You show the audience a match.
For all you break off the head at the match.
The match is broken.
Ask one of the audience to reach out to you. Place a match without a head in the hand of the spectator and ask him to clasp his hand tightly in the fist.
Bring the head of the match to the spectator's fist and lightly hit it on the fingers of the viewer, but nothing happens.
You put the head of the match on your palm, and roll it a little from side to side, carefully looking. After that, again take the head of the match with palm trees.
Again touch the fist of the viewer. And, suddenly, the match head disappears from your hand.
You ask the viewer to show everyone his palm. On his palm lies a whole match! The head mysteriously grew to the rest of the match!
The secret of the focus in the match head, which you prepared in advance.
Showing the audience a whole match, you take it in your hand so that the viewer can not see how exactly you hold it. Then, bring an additional match head to the tip of the match and pretend to break it off by clicking the nail on the tip of the match.
Naturally, on the palm of the viewer you put the whole match. But her head is hidden by your fingers. And even before you completely release the match, it should be hidden by the viewer's fingers - it is desirable that you help the viewer to clench his fist, bending his fingers with his free hand during his speech.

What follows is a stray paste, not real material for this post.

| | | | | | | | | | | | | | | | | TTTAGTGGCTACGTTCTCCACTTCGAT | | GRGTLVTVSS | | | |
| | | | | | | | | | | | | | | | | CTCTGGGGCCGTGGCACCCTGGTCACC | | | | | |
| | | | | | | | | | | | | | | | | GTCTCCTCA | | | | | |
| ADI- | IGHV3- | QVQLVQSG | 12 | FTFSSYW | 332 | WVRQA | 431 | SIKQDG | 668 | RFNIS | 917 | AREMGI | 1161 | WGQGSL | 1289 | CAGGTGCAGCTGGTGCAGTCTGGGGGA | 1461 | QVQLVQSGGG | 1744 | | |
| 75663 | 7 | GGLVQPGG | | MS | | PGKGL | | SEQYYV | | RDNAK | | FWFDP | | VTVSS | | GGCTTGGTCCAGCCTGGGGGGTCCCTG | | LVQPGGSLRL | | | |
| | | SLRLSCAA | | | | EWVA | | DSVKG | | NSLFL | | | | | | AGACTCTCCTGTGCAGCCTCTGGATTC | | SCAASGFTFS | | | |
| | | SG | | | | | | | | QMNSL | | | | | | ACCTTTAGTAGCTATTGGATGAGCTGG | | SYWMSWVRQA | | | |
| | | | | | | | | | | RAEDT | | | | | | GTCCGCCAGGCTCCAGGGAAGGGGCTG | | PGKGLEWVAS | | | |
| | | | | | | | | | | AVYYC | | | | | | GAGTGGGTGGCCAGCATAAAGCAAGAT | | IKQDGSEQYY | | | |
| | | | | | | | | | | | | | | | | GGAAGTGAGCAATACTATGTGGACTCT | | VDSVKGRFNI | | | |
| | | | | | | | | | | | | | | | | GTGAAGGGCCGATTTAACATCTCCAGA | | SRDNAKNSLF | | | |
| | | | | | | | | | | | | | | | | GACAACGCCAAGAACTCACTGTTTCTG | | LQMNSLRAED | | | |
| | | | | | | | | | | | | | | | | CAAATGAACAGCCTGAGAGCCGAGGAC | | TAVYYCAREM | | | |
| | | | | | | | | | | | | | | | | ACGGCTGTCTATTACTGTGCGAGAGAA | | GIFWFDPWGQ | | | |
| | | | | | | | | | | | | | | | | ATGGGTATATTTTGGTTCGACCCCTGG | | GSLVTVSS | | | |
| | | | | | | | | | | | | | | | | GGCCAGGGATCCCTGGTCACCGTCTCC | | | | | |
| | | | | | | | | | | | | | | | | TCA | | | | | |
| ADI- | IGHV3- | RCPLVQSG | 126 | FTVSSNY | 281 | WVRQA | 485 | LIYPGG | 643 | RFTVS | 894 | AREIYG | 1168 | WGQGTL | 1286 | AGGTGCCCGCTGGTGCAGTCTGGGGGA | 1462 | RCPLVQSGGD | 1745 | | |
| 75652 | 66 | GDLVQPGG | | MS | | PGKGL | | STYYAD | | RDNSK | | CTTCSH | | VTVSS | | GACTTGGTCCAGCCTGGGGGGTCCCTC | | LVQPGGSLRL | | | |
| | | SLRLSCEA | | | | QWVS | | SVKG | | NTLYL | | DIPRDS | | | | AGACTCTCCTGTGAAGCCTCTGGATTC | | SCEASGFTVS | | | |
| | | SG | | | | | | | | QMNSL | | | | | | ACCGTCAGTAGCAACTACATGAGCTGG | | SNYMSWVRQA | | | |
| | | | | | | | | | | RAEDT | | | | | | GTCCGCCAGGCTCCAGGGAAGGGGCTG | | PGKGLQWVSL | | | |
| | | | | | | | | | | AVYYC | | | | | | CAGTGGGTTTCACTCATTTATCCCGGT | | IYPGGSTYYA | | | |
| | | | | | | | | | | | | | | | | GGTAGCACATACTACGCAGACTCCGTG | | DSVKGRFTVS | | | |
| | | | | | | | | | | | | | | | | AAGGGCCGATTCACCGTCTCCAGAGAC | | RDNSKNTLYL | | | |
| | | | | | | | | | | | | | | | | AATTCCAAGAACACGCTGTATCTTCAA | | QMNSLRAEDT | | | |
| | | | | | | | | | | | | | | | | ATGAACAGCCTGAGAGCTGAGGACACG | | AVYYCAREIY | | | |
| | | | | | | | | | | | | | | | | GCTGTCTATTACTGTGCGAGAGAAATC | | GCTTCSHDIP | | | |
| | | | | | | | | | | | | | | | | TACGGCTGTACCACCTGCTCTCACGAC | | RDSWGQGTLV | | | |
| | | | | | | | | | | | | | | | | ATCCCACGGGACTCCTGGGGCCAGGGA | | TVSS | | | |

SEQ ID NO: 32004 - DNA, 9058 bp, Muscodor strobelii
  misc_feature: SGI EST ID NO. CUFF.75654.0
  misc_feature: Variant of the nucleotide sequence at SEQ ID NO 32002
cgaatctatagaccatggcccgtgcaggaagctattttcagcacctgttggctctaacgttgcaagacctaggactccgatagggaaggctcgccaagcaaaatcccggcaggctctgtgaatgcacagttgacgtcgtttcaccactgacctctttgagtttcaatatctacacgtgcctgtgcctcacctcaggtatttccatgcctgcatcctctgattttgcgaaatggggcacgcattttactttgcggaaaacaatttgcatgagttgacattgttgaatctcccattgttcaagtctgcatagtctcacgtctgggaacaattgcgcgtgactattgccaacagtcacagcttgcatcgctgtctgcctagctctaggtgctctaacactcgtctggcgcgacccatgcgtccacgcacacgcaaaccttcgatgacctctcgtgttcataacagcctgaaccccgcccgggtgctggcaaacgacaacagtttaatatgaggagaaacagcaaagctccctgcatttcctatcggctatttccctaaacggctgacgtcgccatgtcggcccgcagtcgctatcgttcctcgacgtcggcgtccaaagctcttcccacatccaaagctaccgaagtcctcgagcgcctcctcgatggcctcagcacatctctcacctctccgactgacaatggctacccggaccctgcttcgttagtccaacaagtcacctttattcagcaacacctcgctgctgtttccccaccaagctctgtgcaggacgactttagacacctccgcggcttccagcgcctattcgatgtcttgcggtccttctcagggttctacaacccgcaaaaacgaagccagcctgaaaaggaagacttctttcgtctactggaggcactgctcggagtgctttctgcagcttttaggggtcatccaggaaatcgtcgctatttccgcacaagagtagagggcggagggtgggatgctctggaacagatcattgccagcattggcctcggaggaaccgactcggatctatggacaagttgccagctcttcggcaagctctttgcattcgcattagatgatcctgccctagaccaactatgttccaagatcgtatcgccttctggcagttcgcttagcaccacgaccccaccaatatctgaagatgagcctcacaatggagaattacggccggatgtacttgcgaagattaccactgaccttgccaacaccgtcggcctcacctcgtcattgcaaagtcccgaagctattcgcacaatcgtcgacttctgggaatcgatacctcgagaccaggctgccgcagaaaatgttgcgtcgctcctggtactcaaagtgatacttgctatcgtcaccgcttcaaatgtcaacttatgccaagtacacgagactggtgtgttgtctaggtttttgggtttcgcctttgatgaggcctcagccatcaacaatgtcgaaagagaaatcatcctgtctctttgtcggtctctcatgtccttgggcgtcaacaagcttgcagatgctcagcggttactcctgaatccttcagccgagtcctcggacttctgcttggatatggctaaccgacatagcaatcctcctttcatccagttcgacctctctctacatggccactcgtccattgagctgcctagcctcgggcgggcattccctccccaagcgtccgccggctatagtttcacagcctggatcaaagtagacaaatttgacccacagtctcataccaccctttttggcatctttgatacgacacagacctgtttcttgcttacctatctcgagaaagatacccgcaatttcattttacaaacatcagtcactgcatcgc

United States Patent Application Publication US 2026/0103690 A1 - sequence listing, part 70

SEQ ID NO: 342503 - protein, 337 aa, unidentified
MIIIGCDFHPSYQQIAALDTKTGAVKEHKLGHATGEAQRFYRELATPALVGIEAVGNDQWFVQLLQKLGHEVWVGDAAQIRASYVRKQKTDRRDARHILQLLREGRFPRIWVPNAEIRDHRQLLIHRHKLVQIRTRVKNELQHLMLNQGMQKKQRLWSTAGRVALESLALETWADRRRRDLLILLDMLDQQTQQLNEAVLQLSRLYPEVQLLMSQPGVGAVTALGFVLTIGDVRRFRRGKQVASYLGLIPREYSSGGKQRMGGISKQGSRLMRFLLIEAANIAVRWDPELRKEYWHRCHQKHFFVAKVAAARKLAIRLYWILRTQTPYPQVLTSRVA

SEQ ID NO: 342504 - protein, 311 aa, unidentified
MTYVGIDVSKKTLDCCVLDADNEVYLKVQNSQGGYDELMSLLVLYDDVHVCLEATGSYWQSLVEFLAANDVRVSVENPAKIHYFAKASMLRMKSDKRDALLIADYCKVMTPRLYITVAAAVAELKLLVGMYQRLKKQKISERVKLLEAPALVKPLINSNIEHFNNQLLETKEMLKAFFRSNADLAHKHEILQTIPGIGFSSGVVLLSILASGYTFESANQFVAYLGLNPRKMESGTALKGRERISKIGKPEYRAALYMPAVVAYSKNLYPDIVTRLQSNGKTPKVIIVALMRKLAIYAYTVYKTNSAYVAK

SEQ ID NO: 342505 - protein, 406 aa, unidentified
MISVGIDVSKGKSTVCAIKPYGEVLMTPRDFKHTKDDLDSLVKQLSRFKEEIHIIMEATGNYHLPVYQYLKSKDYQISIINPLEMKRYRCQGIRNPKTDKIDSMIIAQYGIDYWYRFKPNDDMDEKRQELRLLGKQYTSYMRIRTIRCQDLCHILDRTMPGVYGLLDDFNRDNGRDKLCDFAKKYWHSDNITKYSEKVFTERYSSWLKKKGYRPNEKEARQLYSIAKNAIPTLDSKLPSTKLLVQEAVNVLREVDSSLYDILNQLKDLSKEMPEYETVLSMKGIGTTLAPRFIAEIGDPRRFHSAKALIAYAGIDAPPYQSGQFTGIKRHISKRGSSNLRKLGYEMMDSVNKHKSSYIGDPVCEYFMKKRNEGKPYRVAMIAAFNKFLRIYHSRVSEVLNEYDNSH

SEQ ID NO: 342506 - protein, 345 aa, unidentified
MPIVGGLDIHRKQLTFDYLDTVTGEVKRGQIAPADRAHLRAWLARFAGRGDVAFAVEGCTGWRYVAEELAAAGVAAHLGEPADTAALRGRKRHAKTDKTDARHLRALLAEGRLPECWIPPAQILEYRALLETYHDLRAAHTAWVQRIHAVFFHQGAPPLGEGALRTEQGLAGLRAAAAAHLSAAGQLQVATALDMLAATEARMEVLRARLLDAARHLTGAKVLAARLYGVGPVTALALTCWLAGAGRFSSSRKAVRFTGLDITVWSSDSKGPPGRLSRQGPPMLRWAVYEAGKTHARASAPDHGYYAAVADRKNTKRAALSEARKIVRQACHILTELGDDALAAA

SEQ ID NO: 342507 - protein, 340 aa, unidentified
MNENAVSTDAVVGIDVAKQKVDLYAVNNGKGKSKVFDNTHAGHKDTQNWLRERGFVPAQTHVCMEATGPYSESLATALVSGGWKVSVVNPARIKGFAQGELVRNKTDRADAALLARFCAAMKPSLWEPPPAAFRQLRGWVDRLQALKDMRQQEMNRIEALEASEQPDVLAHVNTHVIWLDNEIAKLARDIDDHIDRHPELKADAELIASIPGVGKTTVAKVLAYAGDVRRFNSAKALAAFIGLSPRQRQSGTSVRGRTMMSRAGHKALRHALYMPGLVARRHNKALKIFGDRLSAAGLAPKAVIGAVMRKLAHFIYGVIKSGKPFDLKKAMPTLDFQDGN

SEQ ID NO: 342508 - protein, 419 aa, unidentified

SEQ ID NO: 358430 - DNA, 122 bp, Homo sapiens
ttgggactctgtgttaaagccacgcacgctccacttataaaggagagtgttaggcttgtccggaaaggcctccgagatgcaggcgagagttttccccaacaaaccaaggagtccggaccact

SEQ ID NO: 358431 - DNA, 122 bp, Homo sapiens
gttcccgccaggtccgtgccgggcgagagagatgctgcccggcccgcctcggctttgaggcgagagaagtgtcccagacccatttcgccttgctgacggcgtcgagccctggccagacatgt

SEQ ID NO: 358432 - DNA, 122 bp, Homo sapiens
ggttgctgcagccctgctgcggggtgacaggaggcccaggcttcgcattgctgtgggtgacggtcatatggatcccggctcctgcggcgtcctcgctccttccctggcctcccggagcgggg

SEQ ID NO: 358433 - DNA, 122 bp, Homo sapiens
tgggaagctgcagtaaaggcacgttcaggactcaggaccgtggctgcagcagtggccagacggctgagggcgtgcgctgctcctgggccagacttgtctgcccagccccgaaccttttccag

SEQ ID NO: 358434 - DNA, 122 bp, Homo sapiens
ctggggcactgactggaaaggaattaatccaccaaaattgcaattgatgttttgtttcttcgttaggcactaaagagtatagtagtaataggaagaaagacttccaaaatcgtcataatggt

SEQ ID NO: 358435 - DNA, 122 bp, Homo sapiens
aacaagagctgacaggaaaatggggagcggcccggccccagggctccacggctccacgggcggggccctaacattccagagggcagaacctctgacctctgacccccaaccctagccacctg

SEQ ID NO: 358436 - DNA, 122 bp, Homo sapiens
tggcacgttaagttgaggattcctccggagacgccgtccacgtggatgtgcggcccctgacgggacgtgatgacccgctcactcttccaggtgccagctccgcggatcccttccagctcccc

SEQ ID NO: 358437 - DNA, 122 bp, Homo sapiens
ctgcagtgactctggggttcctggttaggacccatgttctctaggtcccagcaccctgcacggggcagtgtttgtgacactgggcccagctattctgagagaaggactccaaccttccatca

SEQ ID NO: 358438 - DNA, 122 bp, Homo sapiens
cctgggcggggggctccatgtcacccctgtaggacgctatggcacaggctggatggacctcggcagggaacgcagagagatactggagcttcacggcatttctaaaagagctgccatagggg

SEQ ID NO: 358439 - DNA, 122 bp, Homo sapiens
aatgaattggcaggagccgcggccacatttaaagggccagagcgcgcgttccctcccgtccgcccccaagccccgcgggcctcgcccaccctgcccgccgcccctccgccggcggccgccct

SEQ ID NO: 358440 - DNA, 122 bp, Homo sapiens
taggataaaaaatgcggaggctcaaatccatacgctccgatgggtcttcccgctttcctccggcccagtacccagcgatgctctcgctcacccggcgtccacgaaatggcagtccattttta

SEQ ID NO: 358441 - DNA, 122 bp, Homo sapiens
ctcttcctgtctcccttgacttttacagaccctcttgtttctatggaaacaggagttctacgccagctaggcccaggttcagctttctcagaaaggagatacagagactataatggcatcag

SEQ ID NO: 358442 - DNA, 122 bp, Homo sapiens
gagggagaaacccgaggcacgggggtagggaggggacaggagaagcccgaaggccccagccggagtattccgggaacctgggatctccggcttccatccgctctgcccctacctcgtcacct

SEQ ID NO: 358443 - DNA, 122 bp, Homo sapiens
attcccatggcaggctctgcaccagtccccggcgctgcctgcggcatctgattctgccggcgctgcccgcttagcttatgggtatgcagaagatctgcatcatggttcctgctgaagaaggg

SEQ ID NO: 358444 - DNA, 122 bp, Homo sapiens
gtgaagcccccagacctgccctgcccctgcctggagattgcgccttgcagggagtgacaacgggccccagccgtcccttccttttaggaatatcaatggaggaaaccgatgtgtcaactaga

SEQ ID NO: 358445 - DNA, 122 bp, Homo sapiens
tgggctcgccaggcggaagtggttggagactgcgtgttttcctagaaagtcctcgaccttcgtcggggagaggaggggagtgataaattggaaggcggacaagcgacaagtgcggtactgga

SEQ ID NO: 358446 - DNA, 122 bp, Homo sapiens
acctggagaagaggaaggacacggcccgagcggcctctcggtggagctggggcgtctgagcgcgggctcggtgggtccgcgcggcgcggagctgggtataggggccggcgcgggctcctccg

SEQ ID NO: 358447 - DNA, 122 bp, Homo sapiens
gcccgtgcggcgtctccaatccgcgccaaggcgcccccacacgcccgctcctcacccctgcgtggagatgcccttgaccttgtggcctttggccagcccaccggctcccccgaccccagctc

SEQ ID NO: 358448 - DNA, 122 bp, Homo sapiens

Where does the extra match head disappear? Tapping it for the first time on the hand of the viewer, you gave viewers the habit of using the fact that with such movements, the match head is clamped in your fingers. In fact, the second time you knock on the hand of the viewer just with your fingers. The head of the match you, rolling, imperceptibly pound into the gap between the fingers of the second hand.
And then just imitate her lifting with the first hand. The matchhead you hide with your bent fingers and quickly get rid of it, dropping somewhere. You see how easy it is to learn to repair damaged objects!